For better or worse, it looks like Michigan’s governor will soon appoint an Emergency Manager for the City of Detroit. Some are proclaiming Kwame Kilpatrick’s conviction brings an end to the “culture of corruption” that has plagued the City for so many years. Maybe. Maybe not. But one thing is for certain, if it is true that “power corrupts and absolute power corrupts absolutely” then the citizens of Detroit (and the entire state, for that matter) will have to be more diligent than ever to keep tabs on what this new emergency manager – with unprecedented power over Detroit’s finances – is doing.
This is where the Open Meetings Act (MCL 15.261, et seq) and the Freedom of Information Act (MCL 15.231) come into play. These laws were intended to ensure tranparency in government, to make governmental decision making open for the world to see and protect against malfeasance and secret/backroom “sweetheart deals” by those in power. I suspect that the emergency manager may claim exemption from the requirements of these laws.
This is where concerned citizens and determined journalists must step forth and demand accountability by holding the EM to the requirements of the Open Meetings Act and the Freedom of Information Act.
The authority to appoint an emergency manager is based upon the controversial “Local Financial Stability and Choice Act” of 2012. (MCL 141.1541, et seq)* Since this is a new law, there is no legal precedent for intepreting how it interfaces with the Open Meetings Act and FOIA.**
As citizens, we must demand open access to the deliberations and decision making process if and when an emergency manager is appointed for Detroit.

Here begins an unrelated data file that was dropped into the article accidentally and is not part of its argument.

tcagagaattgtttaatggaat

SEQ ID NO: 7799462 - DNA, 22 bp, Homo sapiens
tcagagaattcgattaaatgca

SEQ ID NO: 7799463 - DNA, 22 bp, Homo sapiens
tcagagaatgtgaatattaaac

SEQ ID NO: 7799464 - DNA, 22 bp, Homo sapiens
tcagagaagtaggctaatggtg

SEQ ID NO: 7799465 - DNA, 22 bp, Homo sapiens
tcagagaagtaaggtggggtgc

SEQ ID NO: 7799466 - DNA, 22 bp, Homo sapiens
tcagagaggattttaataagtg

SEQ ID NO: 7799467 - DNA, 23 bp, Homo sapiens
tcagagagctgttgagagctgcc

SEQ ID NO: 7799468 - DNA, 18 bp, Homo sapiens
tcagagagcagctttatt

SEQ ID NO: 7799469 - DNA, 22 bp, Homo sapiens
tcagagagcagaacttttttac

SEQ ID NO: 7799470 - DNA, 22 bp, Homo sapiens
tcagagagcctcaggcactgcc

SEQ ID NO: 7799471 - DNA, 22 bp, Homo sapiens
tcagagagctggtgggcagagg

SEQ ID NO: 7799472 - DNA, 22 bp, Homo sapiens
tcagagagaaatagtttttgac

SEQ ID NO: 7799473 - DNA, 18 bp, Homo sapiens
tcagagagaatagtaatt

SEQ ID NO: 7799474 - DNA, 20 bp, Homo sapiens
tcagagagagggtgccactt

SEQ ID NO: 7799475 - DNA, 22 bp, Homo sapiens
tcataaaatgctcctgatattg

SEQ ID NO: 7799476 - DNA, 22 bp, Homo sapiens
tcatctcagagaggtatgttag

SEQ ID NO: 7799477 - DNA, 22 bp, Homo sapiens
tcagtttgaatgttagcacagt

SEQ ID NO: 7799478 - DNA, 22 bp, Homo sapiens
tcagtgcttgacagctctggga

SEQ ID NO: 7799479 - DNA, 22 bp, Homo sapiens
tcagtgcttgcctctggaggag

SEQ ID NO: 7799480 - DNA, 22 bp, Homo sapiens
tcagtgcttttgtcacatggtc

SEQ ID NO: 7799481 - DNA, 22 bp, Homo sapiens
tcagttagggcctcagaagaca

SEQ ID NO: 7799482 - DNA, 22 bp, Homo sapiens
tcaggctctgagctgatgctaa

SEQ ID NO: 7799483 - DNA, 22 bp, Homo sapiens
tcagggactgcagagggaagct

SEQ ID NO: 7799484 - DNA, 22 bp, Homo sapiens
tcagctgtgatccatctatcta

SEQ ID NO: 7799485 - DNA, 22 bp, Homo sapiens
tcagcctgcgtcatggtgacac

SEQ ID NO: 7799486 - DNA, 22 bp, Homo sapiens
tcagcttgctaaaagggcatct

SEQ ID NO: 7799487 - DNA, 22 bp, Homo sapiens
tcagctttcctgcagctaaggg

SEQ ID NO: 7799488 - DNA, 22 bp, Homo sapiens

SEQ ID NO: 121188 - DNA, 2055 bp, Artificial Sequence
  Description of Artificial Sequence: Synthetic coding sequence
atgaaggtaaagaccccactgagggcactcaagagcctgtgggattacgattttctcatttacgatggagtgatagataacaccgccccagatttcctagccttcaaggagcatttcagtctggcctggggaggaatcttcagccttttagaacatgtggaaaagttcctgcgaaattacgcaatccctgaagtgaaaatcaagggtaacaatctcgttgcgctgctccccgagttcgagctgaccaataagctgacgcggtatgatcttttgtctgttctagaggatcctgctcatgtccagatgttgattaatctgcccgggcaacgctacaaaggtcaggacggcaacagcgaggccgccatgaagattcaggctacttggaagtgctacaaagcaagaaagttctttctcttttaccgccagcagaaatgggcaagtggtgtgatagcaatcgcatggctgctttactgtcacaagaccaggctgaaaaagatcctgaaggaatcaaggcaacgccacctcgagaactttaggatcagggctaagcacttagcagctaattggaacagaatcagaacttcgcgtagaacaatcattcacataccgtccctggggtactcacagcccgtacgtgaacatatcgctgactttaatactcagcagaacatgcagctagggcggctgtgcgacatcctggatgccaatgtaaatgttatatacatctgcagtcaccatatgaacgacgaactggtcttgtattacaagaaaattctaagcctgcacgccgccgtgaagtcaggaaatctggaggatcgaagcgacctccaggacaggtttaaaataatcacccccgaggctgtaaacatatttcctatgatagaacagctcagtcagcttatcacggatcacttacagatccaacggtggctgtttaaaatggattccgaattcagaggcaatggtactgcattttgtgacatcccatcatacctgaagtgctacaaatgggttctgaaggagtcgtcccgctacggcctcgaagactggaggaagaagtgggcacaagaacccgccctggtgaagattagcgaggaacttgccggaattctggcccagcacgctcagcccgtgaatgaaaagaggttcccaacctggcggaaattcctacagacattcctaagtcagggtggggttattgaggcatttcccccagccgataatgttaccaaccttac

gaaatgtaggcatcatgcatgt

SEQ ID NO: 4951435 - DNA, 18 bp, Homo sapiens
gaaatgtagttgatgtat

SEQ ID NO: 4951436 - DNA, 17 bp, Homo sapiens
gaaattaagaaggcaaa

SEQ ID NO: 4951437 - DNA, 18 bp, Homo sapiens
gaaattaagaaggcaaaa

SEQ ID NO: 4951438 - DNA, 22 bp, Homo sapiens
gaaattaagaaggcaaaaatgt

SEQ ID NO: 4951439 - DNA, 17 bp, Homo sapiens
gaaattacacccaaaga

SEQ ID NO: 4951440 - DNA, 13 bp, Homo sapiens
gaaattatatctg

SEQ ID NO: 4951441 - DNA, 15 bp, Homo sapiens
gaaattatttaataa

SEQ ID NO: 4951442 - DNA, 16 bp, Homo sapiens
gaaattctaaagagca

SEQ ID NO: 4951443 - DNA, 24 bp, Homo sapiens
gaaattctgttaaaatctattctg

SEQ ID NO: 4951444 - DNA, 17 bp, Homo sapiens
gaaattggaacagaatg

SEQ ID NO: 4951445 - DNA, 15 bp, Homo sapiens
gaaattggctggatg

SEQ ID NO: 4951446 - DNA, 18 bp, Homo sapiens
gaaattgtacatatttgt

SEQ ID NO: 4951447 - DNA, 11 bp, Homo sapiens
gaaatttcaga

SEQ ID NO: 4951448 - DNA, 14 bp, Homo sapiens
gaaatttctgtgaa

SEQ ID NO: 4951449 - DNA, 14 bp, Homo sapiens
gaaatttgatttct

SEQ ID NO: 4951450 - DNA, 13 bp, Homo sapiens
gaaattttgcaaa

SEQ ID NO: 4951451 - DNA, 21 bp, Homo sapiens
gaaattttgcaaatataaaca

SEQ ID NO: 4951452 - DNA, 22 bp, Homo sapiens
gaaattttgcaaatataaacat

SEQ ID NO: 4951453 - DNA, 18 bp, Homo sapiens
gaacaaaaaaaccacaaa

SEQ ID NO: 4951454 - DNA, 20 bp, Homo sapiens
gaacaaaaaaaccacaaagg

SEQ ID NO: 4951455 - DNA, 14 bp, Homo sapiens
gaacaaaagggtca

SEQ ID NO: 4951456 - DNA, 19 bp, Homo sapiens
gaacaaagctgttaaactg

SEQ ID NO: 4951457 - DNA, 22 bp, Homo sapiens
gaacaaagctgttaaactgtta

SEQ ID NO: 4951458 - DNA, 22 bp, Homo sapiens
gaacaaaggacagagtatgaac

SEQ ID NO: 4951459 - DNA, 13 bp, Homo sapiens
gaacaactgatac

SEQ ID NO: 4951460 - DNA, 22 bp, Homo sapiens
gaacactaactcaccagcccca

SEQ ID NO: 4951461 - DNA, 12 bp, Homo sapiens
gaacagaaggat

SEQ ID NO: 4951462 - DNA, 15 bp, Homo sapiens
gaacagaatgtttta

* This law, which goes into effect March 28, 2013, replaces the old “Local Government and School District Fiscal Accountability Act” (Act 4 or 2011, MCL 141.1501, et seq), which was rejected by Michigan voters in 2012, and repeals the “Local Government Fiscal Responsibility Act of 1990”.
** Last year, in the case of Davis v Detroit Financial Review Team, the Michigan Court of Appeals ruled that a “financial review team” under the old emergency financial manager act is not a public body under the OMA because it is not a “governing body” as the OMA uses that term. Therefore, the review team was not statutorily required to comply with the OMA. And the state treasurer, whether acting in his or her executive capacity or as a “one-man” committee of a financial review team, is also not a “public body” for purposes of the OMA. But there is, IMHO, a key distinction to be made between “reviewing” and “managing”. Managing is– for all intents and purposes in this case– “governing” as defined in the OMA.
Evan Dixon, an attorney in Hancock in the Upper Peninsula, is a 1982 graduate of Cass Tech High School. After earning a bachelor’s degree from Wayne State University, Dixon served as a community organizer in Detroit and later graduated from the University of Detroit Law Schoodl.
Contact Dixon at email@example.com.